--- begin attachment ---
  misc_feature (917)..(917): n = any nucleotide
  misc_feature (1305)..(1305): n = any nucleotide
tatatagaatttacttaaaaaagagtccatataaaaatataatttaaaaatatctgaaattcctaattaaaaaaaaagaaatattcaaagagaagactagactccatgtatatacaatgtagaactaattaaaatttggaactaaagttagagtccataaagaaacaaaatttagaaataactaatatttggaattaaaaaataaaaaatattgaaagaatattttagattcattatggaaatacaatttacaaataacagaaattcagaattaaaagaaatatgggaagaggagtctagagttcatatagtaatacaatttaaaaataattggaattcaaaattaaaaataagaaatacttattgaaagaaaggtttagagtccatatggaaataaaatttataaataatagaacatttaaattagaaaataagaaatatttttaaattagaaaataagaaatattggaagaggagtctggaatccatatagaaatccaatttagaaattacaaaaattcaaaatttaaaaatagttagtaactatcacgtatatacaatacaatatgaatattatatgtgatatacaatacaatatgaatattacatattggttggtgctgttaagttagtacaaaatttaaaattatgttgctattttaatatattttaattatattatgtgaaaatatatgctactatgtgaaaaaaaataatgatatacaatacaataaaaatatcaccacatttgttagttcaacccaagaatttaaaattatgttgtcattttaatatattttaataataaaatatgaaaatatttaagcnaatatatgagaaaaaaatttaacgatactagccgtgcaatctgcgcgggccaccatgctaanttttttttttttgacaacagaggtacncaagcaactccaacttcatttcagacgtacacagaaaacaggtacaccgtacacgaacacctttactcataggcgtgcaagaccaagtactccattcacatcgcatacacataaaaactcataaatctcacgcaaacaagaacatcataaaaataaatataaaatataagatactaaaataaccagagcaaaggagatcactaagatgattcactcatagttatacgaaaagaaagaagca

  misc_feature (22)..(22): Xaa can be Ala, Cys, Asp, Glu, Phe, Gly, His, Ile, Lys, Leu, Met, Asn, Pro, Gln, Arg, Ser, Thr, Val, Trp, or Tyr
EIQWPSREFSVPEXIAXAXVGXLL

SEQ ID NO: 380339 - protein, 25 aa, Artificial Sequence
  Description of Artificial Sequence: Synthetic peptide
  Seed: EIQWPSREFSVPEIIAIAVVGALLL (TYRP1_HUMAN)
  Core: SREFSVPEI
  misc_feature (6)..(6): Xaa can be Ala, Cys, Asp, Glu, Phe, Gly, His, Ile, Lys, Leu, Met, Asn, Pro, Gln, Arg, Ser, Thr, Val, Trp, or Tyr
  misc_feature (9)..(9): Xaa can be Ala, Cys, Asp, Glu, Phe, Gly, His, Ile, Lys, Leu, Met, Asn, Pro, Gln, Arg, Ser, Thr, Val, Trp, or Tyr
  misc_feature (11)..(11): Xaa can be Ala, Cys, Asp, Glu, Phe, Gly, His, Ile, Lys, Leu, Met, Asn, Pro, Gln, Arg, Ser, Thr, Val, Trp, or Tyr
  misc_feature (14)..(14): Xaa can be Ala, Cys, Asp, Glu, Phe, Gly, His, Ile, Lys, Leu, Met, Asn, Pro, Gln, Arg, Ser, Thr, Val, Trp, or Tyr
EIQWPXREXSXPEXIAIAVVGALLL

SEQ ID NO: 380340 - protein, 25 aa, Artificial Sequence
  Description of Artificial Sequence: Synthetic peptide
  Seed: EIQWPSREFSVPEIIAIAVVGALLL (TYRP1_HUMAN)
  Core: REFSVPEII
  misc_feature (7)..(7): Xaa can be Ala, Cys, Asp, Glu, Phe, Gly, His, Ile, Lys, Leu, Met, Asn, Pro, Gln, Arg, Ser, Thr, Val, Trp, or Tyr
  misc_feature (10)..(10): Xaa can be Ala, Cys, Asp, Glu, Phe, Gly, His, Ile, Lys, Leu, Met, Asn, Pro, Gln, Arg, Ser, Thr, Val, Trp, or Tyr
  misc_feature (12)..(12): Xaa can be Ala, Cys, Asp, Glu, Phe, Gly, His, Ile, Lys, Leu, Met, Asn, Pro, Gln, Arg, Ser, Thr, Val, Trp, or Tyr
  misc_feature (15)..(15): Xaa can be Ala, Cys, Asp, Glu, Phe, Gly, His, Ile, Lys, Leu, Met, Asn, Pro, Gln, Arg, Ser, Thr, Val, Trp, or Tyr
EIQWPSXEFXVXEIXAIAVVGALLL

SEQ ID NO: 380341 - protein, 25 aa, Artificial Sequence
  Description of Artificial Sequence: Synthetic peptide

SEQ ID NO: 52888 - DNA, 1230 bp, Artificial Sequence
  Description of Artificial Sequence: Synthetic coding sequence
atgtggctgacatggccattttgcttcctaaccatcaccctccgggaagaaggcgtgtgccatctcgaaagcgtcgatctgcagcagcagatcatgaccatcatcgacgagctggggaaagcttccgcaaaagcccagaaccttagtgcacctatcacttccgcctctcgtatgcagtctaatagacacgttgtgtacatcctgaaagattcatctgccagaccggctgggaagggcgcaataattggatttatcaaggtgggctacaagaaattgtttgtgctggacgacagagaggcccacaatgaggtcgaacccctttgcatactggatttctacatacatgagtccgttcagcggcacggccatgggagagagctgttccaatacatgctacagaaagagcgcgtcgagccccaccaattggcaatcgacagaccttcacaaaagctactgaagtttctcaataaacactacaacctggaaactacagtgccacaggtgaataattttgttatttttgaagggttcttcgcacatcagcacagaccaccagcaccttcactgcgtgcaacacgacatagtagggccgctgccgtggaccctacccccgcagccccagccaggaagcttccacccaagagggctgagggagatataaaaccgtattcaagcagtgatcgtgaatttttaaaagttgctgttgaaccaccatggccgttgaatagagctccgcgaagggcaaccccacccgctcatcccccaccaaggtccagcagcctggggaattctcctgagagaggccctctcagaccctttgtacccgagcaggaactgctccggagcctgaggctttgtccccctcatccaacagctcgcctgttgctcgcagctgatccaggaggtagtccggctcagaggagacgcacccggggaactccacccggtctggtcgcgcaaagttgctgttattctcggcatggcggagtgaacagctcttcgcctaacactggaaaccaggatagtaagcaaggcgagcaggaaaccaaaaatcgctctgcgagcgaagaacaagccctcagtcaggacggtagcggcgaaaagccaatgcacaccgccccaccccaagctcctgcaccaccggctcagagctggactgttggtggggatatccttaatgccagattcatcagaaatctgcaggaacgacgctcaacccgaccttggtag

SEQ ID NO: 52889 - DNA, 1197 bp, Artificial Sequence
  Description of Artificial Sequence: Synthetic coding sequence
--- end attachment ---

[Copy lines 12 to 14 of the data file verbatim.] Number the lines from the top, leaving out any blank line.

  misc_feature (11)..(11): Xaa can be Ala, Cys, Asp, Glu, Phe, Gly, His, Ile, Lys, Leu, Met, Asn, Pro, Gln, Arg, Ser, Thr, Val, Trp, or Tyr
  misc_feature (14)..(14): Xaa can be Ala, Cys, Asp, Glu, Phe, Gly, His, Ile, Lys, Leu, Met, Asn, Pro, Gln, Arg, Ser, Thr, Val, Trp, or Tyr
EIQWPXREXSXPEXIAIAVVGALLL